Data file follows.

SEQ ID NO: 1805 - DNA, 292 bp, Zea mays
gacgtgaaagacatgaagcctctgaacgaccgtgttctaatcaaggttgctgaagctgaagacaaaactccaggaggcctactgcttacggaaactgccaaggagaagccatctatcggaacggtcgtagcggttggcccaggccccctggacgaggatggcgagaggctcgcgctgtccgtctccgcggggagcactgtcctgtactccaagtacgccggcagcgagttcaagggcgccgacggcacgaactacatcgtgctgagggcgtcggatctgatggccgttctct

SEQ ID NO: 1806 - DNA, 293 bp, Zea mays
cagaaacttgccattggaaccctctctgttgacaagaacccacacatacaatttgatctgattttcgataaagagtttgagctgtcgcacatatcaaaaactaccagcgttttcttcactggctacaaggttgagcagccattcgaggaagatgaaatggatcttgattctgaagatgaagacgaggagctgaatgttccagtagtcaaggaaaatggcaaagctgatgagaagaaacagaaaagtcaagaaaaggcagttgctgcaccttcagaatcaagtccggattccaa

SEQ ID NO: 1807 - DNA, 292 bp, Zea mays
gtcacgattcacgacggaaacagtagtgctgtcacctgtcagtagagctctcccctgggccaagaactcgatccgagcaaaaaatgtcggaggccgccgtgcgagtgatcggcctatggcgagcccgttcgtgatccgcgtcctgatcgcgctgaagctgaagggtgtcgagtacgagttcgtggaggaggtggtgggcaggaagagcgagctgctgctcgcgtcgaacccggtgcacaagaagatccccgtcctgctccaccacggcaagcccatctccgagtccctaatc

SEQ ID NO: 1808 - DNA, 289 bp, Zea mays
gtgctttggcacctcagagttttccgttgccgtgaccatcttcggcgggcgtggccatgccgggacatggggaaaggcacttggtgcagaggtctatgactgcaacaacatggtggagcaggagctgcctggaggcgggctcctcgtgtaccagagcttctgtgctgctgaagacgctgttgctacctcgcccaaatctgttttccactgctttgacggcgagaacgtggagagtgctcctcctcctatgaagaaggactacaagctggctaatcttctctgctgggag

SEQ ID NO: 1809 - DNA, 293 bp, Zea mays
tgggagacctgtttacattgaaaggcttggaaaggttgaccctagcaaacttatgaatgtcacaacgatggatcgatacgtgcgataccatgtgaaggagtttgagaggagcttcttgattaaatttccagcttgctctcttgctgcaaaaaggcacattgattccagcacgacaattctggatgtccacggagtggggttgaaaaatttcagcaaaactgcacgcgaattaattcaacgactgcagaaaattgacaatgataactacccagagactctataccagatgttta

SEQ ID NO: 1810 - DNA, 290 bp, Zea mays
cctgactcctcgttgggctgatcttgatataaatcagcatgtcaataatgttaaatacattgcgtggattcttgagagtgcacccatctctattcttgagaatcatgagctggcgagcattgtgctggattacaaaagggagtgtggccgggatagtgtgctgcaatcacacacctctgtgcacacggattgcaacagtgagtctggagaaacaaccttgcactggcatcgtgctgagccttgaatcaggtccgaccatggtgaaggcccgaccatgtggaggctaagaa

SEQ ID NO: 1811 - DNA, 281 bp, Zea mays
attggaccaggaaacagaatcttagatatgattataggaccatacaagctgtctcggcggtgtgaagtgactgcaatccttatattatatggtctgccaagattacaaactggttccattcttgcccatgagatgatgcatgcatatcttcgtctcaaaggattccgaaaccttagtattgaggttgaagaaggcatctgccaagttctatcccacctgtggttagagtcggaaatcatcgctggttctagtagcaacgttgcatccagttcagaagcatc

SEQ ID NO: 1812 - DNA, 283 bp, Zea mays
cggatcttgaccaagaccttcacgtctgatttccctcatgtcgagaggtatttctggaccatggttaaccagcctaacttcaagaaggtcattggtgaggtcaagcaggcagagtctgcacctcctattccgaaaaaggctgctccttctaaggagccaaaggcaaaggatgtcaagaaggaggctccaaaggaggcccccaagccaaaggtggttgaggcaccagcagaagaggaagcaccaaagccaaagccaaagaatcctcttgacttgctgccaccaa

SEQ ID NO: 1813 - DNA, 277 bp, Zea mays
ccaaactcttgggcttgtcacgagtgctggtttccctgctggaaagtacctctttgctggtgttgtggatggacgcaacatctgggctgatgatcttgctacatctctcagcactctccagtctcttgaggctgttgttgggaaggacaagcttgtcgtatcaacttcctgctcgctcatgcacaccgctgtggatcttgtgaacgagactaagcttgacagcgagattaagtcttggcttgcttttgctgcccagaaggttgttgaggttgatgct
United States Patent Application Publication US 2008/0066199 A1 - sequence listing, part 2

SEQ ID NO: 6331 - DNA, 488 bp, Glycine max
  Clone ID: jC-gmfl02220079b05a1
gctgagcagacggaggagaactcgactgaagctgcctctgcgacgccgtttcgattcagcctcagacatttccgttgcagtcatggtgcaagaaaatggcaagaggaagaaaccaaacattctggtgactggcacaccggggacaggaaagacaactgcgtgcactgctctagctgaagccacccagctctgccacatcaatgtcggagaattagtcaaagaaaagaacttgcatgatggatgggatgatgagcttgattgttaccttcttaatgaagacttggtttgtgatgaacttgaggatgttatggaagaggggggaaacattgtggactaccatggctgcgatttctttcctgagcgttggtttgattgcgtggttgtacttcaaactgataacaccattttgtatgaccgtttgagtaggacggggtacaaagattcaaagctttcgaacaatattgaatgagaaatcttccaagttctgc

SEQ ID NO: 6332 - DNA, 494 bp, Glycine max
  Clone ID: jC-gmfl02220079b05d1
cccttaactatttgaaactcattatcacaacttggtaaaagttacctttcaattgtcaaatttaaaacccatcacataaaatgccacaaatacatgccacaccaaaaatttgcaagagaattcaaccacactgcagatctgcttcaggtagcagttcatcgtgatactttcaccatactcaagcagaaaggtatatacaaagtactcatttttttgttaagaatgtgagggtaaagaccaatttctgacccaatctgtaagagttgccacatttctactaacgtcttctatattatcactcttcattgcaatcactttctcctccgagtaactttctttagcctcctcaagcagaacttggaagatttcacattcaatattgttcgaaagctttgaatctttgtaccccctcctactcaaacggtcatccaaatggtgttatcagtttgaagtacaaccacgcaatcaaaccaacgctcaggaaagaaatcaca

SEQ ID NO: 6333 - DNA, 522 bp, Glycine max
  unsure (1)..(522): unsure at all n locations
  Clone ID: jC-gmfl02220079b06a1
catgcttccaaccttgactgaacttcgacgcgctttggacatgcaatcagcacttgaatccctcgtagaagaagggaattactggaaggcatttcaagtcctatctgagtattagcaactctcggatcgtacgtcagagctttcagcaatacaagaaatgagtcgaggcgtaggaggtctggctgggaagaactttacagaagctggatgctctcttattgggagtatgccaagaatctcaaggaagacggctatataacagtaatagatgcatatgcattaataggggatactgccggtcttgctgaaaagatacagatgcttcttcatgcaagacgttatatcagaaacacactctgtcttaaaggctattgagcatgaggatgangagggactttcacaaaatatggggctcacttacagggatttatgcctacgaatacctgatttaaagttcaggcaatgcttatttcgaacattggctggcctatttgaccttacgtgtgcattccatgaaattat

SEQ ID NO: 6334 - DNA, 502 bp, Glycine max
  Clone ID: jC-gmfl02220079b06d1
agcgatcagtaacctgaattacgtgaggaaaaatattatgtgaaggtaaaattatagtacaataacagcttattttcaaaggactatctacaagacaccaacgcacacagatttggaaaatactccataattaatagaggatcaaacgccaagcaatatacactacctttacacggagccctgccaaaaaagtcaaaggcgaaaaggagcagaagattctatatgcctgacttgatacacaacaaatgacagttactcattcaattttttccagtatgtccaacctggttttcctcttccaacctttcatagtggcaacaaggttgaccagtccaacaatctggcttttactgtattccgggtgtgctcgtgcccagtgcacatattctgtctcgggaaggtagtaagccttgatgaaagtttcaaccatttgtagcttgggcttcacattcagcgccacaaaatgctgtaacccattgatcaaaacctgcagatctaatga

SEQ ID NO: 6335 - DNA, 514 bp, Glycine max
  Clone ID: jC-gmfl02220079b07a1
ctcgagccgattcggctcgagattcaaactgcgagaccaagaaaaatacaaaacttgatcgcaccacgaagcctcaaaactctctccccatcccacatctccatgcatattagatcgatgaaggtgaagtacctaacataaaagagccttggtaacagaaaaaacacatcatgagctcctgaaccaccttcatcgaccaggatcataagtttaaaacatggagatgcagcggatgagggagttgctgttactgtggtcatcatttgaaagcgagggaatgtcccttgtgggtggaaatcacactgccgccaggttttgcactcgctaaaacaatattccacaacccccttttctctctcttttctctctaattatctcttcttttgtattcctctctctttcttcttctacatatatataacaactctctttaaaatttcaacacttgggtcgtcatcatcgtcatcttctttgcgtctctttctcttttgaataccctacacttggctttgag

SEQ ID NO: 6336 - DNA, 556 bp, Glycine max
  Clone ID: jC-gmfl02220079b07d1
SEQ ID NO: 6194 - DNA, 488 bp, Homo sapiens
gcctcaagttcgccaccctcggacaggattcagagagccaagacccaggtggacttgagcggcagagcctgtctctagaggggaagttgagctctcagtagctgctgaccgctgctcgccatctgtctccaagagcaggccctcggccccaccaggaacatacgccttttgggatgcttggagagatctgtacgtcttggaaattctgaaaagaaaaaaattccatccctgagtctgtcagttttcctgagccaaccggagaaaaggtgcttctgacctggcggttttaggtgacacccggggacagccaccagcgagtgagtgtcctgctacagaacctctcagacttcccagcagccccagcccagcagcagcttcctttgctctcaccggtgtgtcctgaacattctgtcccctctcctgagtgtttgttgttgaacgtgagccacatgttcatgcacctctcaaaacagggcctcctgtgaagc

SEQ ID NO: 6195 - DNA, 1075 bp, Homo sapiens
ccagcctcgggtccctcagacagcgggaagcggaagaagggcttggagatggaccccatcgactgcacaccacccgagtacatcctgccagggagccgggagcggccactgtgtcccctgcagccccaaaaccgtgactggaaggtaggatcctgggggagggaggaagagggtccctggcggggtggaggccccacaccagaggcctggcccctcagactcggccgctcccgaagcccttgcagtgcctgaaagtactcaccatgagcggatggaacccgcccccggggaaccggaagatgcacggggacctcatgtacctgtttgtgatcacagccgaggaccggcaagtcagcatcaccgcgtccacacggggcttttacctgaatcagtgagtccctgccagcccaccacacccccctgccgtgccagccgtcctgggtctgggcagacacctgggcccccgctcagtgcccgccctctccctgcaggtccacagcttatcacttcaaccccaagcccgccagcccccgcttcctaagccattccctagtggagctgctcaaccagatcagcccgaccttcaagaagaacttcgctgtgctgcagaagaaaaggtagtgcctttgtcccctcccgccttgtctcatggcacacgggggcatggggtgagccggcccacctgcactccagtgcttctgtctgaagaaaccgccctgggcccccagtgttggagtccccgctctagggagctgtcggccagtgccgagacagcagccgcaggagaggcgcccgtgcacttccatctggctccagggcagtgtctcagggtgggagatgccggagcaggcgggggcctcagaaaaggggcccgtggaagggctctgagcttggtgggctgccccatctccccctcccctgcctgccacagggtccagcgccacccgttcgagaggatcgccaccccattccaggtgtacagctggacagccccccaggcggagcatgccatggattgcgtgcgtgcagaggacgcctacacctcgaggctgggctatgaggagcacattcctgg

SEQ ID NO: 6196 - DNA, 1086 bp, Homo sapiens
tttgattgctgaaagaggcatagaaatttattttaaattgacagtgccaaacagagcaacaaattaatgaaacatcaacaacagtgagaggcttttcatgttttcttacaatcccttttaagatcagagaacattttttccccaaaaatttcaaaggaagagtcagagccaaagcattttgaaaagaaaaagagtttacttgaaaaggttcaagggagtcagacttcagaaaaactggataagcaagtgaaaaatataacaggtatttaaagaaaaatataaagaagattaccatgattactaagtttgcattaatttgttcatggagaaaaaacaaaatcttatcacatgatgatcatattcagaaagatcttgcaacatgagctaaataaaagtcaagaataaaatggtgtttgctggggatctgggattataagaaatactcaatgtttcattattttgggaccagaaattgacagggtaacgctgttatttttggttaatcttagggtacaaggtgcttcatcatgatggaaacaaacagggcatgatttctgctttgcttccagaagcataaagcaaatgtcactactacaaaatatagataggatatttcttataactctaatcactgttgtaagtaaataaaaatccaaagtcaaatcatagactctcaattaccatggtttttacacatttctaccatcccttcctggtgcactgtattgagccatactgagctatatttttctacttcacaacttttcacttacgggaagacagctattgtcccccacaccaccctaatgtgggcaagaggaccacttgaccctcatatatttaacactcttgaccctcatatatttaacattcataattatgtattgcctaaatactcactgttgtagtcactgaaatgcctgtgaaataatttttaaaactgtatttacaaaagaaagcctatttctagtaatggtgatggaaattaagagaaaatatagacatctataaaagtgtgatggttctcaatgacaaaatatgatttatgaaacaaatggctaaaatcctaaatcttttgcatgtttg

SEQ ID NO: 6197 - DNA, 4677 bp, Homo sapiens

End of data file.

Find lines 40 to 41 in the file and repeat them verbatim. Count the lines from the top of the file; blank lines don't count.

SEQ ID NO: 6195 - DNA, 1075 bp, Homo sapiens
ccagcctcgggtccctcagacagcgggaagcggaagaagggcttggagatggaccccatcgactgcacaccacccgagtacatcctgccagggagccgggagcggccactgtgtcccctgcagccccaaaaccgtgactggaaggtaggatcctgggggagggaggaagagggtccctggcggggtggaggccccacaccagaggcctggcccctcagactcggccgctcccgaagcccttgcagtgcctgaaagtactcaccatgagcggatggaacccgcccccggggaaccggaagatgcacggggacctcatgtacctgtttgtgatcacagccgaggaccggcaagtcagcatcaccgcgtccacacggggcttttacctgaatcagtgagtccctgccagcccaccacacccccctgccgtgccagccgtcctgggtctgggcagacacctgggcccccgctcagtgcccgccctctccctgcaggtccacagcttatcacttcaaccccaagcccgccagcccccgcttcctaagccattccctagtggagctgctcaaccagatcagcccgaccttcaagaagaacttcgctgtgctgcagaagaaaaggtagtgcctttgtcccctcccgccttgtctcatggcacacgggggcatggggtgagccggcccacctgcactccagtgcttctgtctgaagaaaccgccctgggcccccagtgttggagtccccgctctagggagctgtcggccagtgccgagacagcagccgcaggagaggcgcccgtgcacttccatctggctccagggcagtgtctcagggtgggagatgccggagcaggcgggggcctcagaaaaggggcccgtggaagggctctgagcttggtgggctgccccatctccccctcccctgcctgccacagggtccagcgccacccgttcgagaggatcgccaccccattccaggtgtacagctggacagccccccaggcggagcatgccatggattgcgtgcgtgcagaggacgcctacacctcgaggctgggctatgaggagcacattcctgg